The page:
### Re: [Haskell-cafe] Is there a null statement that does nothing?

Hi Brent, Re: 'if expressions, not statements' is an elegant clarification, one definitely for the haskellwiki, if not there already. Just for completeness' sake, bottom is a value for any expression. Wouldn't making the else clause optional by defaulting to undefined worthy of consideration for Evil Haskell? -- Kim-Ee Brent Yorgey-2 wrote: On Wed, Oct 21, 2009 at 07:49:14PM -0500, Tim Wawrzynczak wrote: Yes, an if statement must have both 'then' and 'else' branches. As an example, what if you had let a = if b == 2 then True else False and you were missing an else branch? What would 'a' get assigned to? The if statement returns a value so must have both branches. By the way, it helps to be precise with language here: statement usually indicates an instruction which causes some effect to happen. Expression indicates something which evaluates to a value. Haskell doesn't have if statements but it does have if expressions. It makes sense for an if *statement* (in imperative languages like C) to have an optional else clause, since do nothing is a perfectly valid *statement*. But it doesn't make sense for an if *expression* to have a missing else, since it must evaluate to something and (in general) there is no null value that could be used. Of course, as others have noted, in a monadic context there IS a special null value, namely return (), which can be used to indicate do nothing. -Brent ___ Haskell-Cafe mailing list Haskell-Cafe@haskell.org http://www.haskell.org/mailman/listinfo/haskell-cafe -- View this message in context: http://www.nabble.com/Is-there-a-null-statement-that-does-nothing--tp26002445p26081461.html Sent from the Haskell - Haskell-Cafe mailing list archive at Nabble.com. ___ Haskell-Cafe mailing list Haskell-Cafe@haskell.org http://www.haskell.org/mailman/listinfo/haskell-cafe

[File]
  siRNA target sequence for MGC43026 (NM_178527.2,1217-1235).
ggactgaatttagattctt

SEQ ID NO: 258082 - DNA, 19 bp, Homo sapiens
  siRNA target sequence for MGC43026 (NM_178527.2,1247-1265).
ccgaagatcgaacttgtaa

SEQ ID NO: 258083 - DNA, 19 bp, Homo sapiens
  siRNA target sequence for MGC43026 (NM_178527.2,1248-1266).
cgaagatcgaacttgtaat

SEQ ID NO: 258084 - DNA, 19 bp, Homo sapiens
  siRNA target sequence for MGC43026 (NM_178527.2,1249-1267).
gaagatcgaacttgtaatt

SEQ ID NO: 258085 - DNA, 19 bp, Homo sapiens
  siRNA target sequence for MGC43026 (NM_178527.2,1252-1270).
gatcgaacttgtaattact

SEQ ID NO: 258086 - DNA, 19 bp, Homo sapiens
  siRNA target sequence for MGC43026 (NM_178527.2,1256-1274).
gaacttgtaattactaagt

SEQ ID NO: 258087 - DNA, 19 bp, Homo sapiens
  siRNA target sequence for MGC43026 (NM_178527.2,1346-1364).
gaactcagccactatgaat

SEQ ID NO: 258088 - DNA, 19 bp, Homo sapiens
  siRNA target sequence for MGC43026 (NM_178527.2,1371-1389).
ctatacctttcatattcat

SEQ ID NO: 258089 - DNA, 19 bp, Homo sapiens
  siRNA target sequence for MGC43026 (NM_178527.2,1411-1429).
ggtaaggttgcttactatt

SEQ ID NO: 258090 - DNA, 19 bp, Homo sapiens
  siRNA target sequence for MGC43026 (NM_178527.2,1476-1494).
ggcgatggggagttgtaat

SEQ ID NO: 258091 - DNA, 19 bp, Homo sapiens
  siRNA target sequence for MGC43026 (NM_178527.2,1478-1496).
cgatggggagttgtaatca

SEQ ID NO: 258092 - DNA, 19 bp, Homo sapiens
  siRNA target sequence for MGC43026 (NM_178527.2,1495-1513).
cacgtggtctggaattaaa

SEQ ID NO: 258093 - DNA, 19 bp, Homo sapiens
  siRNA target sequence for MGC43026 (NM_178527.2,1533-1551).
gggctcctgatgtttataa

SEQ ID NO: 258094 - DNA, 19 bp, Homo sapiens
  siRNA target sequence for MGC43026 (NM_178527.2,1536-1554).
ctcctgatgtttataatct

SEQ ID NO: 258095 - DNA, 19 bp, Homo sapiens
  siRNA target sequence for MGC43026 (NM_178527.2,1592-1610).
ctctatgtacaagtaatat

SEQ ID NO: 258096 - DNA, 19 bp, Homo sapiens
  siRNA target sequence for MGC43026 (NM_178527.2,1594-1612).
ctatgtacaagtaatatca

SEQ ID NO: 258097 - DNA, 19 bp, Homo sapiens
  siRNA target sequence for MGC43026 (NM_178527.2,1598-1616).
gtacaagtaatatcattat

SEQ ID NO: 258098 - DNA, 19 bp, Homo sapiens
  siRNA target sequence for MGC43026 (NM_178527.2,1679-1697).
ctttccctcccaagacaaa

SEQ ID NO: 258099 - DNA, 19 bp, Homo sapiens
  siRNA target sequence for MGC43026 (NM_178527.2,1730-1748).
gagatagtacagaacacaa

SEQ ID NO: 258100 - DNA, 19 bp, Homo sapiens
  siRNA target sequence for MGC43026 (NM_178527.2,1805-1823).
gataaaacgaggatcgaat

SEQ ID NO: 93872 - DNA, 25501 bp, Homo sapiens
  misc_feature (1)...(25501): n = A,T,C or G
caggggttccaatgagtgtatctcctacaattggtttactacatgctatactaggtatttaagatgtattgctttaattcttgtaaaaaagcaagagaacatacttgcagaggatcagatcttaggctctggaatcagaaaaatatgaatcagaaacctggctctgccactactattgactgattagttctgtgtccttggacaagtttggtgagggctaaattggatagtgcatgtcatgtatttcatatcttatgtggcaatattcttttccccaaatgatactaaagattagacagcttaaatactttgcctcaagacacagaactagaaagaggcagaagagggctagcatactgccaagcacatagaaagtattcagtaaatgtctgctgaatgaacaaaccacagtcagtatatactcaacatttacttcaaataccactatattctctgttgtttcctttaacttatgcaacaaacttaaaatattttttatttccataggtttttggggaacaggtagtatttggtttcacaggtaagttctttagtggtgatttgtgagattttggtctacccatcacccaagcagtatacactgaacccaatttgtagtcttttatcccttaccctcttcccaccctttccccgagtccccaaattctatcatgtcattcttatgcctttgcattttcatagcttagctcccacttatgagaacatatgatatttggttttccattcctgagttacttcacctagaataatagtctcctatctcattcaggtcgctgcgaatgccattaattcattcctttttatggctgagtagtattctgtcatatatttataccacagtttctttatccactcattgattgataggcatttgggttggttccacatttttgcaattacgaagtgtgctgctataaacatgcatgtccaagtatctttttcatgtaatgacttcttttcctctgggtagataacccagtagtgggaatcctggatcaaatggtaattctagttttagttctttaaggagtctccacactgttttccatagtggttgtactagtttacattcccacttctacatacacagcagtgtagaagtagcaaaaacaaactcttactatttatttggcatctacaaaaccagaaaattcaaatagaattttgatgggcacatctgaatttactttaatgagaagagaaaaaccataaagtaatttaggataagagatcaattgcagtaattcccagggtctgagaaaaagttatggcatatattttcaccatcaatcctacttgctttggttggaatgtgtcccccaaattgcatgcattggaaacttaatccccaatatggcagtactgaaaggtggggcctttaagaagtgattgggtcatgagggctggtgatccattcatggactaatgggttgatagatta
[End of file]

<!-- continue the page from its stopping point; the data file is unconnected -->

### [Haskell-cafe] ** for nested applicative functors?

Does anyone know if it's possible to write the following: ** :: (Applicative m, Applicative n) = m (n (a-b)) - m (n a) - m (n b) Clearly, if m and n were monads, it would be trivial. Rereading the original paper, I didn't see much discussion about such nested app. functors. Any help appreciated. -- View this message in context: http://www.nabble.com/%3C**%3E-for-nested-applicative-functors--tp25858792p25858792.html Sent from the Haskell - Haskell-Cafe mailing list archive at Nabble.com. ___ Haskell-Cafe mailing list Haskell-Cafe@haskell.org http://www.haskell.org/mailman/listinfo/haskell-cafe

### Re: [Haskell-cafe] ** for nested applicative functors?